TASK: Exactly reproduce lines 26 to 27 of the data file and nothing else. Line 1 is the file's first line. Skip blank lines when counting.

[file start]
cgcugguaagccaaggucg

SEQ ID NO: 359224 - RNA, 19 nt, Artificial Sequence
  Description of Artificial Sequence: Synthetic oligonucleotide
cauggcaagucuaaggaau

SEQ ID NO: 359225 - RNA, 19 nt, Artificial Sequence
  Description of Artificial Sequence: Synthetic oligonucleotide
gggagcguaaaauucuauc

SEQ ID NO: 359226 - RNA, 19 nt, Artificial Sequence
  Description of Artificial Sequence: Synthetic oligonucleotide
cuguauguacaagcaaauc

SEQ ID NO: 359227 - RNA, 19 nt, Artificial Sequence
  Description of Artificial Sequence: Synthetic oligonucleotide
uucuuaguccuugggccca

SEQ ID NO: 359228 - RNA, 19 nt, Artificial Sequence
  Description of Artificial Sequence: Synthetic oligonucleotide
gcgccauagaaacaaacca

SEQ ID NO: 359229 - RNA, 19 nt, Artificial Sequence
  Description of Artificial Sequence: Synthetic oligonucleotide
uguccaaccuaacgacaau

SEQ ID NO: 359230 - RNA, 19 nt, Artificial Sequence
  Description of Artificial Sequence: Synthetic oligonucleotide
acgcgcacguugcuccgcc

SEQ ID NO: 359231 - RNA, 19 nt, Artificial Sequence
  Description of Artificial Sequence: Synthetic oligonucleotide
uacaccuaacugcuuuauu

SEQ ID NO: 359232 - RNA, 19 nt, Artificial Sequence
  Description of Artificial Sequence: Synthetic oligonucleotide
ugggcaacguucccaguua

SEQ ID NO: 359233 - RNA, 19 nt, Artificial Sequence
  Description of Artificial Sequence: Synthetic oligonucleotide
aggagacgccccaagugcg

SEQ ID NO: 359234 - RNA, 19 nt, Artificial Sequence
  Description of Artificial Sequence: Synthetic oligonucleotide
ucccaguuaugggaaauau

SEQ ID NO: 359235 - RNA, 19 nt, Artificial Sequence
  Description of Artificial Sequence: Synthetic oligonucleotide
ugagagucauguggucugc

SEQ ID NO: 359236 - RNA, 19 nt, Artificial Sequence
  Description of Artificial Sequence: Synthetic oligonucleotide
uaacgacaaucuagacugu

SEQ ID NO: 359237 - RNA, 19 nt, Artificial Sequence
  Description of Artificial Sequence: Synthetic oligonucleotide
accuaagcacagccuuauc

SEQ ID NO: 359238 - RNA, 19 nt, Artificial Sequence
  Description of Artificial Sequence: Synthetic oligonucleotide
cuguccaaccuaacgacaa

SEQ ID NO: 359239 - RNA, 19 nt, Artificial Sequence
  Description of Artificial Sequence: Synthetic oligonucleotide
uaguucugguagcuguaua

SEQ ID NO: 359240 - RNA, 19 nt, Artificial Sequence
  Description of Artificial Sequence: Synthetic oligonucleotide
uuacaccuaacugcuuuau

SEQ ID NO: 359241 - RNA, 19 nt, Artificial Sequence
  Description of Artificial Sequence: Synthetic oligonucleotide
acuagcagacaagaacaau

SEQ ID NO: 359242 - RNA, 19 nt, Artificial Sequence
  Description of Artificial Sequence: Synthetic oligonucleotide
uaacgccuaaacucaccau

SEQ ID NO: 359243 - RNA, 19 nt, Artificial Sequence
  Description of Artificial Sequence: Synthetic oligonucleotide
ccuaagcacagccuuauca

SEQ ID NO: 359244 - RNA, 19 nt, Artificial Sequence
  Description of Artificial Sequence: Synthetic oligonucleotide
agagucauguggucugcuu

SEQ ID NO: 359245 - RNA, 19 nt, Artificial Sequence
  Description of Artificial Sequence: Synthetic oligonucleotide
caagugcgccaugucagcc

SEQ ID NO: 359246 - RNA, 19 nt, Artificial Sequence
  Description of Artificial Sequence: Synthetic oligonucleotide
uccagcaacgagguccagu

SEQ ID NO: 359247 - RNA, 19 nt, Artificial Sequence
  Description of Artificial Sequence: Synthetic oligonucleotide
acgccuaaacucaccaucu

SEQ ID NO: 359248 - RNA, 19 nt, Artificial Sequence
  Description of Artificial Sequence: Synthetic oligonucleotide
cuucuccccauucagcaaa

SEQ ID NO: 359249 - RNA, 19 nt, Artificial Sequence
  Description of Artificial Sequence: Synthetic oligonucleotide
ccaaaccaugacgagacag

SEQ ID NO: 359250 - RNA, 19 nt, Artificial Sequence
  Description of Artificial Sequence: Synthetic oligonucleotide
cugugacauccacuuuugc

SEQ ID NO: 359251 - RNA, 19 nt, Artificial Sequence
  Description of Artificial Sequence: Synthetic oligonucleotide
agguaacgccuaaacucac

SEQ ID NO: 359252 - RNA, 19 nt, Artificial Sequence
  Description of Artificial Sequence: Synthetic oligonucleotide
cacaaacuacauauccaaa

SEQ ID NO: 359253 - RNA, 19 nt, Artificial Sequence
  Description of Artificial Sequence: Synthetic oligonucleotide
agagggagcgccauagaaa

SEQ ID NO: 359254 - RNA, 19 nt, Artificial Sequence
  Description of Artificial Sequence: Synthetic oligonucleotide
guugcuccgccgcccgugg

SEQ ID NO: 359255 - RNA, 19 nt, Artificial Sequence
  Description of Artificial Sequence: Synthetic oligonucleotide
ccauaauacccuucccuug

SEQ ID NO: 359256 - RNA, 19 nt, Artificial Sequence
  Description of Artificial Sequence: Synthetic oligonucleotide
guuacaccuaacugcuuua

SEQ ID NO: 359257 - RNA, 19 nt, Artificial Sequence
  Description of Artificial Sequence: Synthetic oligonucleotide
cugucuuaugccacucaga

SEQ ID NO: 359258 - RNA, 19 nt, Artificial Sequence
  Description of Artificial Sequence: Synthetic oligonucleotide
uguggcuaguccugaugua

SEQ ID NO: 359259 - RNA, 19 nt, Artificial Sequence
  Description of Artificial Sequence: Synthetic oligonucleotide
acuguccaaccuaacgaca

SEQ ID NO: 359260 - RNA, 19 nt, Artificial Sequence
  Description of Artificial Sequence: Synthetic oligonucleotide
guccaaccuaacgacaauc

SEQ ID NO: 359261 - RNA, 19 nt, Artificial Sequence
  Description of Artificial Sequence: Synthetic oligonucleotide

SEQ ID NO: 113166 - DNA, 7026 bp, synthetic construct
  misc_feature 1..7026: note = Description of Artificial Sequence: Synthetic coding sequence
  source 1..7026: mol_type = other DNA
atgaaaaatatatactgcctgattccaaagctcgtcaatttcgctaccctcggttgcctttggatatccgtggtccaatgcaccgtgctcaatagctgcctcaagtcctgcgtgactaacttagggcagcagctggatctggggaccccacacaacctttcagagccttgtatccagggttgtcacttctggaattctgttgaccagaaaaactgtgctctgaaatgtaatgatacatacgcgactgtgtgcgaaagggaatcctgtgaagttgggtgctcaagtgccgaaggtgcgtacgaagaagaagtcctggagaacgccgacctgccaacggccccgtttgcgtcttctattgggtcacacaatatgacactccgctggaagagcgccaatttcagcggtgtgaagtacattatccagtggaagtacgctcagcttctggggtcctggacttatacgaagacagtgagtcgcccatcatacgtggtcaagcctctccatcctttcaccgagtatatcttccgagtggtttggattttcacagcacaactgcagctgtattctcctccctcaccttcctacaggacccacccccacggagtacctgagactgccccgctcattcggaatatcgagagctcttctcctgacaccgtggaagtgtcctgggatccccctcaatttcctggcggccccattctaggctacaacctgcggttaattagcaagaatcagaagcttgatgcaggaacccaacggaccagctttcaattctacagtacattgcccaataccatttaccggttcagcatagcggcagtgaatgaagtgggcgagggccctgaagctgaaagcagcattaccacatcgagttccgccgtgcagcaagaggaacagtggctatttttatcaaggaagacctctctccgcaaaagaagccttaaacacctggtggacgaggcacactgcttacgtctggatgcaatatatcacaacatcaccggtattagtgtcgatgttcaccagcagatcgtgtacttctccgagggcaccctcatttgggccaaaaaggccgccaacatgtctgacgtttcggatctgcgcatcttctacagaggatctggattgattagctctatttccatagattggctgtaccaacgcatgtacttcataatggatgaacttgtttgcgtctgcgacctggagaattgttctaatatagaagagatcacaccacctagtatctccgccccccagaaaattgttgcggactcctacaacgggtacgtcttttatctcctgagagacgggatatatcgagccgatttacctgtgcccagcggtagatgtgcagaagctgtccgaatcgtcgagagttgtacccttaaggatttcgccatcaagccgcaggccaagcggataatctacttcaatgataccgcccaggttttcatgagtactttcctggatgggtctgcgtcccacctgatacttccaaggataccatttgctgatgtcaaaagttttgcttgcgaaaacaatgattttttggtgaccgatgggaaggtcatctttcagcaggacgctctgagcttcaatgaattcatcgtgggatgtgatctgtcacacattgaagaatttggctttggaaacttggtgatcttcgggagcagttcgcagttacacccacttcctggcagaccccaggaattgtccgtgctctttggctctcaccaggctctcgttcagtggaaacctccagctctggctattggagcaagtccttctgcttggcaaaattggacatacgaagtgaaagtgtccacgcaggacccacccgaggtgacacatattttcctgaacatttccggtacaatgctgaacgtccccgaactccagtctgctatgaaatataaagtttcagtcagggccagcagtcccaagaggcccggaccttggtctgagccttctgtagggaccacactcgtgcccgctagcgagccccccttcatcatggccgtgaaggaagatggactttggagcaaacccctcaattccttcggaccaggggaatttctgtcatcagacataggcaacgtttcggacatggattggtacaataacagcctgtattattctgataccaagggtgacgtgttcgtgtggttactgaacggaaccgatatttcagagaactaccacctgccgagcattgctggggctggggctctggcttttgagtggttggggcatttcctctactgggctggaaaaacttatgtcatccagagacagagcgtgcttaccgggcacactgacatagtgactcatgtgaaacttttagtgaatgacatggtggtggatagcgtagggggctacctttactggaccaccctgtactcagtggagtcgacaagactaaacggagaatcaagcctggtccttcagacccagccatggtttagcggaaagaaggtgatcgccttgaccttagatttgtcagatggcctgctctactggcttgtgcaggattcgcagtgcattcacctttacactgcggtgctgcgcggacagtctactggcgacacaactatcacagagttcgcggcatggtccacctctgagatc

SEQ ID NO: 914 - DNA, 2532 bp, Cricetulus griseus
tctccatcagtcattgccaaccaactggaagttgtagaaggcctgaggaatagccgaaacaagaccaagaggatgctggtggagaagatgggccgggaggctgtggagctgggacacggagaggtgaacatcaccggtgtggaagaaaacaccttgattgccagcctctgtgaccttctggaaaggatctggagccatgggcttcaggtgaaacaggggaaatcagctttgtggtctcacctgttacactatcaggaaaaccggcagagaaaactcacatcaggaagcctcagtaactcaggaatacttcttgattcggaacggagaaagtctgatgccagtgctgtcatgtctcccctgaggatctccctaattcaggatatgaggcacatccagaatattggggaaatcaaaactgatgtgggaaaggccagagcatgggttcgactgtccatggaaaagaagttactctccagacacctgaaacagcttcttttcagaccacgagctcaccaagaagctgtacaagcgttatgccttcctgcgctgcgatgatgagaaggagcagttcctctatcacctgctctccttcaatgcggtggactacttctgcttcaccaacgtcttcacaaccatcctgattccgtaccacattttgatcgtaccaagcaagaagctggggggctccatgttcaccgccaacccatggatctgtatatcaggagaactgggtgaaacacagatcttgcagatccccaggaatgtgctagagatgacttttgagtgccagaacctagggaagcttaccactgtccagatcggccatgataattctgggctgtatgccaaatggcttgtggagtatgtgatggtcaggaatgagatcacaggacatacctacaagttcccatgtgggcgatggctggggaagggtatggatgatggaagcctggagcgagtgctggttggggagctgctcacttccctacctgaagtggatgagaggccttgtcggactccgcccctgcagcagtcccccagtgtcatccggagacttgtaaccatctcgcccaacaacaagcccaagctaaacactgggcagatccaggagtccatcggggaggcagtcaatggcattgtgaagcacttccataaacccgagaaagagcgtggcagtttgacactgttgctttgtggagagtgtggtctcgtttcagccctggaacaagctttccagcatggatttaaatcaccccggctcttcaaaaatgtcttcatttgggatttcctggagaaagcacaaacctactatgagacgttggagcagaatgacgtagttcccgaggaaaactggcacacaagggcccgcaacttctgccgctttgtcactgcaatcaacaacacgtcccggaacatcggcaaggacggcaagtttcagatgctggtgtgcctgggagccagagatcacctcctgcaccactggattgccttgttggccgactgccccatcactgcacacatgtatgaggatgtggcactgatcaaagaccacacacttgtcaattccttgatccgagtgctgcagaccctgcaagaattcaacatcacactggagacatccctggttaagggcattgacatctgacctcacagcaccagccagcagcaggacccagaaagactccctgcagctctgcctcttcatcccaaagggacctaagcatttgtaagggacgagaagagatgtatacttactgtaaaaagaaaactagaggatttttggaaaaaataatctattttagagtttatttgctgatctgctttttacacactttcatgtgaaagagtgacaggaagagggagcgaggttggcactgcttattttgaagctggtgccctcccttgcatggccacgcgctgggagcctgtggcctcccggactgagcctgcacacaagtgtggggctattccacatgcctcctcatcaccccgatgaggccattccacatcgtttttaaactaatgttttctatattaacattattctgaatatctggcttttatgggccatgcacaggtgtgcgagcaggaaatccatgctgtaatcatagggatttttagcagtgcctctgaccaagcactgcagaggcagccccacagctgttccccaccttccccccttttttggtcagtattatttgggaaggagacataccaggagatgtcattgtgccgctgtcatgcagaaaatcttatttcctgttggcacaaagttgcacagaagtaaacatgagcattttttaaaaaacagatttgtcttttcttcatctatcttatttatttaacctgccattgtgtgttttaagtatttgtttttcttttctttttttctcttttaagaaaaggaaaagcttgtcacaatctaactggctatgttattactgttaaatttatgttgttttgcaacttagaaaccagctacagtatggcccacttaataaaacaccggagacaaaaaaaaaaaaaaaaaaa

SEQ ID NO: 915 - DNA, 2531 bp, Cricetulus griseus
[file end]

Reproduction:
SEQ ID NO: 359232 - RNA, 19 nt, Artificial Sequence
  Description of Artificial Sequence: Synthetic oligonucleotide